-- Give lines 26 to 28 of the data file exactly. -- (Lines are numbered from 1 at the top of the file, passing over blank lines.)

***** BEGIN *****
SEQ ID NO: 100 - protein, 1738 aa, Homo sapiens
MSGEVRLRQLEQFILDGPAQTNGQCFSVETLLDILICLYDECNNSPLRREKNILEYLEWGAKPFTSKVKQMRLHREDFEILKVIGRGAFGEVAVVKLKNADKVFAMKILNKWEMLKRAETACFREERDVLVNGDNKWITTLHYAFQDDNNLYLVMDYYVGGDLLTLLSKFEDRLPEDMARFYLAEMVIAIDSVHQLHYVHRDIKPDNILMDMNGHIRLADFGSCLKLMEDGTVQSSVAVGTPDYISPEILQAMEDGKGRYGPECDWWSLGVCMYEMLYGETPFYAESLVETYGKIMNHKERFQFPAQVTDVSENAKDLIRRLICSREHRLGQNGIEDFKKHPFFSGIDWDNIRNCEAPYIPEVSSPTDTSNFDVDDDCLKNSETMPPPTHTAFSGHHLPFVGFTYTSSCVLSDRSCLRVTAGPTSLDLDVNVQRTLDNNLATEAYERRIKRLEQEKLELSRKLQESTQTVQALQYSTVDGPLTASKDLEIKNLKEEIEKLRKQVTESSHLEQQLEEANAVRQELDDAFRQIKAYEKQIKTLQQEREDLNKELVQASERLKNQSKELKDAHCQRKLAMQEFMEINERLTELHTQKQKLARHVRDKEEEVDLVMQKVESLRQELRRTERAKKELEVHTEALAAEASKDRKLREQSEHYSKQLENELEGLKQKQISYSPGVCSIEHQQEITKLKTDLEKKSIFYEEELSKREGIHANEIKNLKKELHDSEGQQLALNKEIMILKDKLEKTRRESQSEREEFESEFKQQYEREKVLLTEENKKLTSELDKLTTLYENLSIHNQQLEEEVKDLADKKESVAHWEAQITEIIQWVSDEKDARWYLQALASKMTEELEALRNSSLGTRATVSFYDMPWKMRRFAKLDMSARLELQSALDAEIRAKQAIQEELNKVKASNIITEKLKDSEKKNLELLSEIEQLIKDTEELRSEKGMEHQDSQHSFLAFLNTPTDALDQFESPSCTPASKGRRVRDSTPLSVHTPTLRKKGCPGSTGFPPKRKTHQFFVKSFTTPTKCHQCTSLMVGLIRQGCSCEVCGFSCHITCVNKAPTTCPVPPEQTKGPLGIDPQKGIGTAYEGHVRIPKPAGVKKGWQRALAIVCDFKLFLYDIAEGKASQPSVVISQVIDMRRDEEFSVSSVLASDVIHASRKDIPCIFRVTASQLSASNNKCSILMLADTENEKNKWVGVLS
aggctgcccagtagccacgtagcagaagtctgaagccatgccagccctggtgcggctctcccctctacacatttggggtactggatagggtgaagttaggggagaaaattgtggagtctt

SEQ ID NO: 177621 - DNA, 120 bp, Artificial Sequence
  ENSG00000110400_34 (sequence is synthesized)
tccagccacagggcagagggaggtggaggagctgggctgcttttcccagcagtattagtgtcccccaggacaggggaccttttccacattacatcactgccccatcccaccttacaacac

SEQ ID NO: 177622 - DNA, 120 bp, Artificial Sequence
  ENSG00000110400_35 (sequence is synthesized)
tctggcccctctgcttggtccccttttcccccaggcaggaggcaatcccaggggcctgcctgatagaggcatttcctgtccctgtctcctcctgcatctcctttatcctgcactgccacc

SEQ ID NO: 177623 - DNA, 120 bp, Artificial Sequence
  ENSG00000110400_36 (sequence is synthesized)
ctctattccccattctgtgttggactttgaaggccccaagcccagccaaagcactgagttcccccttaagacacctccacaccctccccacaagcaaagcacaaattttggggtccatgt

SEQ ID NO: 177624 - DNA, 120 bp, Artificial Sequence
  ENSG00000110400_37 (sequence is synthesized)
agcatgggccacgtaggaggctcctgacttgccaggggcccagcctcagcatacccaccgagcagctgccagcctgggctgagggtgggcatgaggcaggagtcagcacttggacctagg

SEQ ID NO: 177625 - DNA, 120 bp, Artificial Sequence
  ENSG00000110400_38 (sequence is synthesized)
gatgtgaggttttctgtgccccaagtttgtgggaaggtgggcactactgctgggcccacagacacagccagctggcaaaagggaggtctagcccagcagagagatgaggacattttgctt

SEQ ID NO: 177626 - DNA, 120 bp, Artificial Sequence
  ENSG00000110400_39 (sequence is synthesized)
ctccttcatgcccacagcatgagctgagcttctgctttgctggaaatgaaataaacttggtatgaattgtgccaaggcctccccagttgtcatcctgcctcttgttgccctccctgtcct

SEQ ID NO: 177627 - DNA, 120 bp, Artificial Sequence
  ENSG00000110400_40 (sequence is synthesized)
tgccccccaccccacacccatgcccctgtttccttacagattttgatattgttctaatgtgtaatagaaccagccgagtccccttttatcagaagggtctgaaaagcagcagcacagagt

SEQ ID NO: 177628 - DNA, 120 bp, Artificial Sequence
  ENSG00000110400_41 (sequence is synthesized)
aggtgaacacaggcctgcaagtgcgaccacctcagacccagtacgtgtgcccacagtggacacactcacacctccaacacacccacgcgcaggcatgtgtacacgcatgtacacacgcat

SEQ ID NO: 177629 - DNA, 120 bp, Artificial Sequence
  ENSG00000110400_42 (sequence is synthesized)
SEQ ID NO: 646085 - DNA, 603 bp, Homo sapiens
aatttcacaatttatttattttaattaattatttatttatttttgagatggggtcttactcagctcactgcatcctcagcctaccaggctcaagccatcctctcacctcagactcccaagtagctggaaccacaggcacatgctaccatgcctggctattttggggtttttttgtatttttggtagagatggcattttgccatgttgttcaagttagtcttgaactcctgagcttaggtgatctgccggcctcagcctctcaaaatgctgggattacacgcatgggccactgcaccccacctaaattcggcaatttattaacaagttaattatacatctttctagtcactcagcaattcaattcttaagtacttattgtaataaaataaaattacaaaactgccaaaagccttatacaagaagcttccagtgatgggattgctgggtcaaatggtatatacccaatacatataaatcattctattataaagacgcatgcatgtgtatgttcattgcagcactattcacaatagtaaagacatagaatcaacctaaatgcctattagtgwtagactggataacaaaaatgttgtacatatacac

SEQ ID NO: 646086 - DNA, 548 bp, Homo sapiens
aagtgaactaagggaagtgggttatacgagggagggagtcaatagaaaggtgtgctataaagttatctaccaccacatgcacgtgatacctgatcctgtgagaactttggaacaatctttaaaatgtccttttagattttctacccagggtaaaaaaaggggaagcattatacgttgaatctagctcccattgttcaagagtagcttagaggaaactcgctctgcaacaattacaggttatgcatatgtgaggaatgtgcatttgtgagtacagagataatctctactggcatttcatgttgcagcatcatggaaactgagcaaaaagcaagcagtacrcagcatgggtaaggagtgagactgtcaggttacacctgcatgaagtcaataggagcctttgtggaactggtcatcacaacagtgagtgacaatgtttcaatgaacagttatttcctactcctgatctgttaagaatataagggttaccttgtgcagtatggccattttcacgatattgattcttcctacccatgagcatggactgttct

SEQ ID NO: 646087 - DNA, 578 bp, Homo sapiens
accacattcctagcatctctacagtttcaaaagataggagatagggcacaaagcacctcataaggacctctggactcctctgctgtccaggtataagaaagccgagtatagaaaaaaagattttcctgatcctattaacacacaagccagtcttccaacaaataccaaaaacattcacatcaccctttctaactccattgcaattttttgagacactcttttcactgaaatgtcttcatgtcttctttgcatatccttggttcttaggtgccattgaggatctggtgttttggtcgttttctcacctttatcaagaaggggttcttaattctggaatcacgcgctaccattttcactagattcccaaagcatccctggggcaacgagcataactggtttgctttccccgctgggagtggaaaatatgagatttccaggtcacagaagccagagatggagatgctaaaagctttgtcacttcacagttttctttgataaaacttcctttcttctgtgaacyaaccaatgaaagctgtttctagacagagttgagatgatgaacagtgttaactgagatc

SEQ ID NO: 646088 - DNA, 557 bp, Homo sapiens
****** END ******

  ENSG00000110400_41 (sequence is synthesized)
aggtgaacacaggcctgcaagtgcgaccacctcagacccagtacgtgtgcccacagtggacacactcacacctccaacacacccacgcgcaggcatgtgtacacgcatgtacacacgcat

SEQ ID NO: 177629 - DNA, 120 bp, Artificial Sequence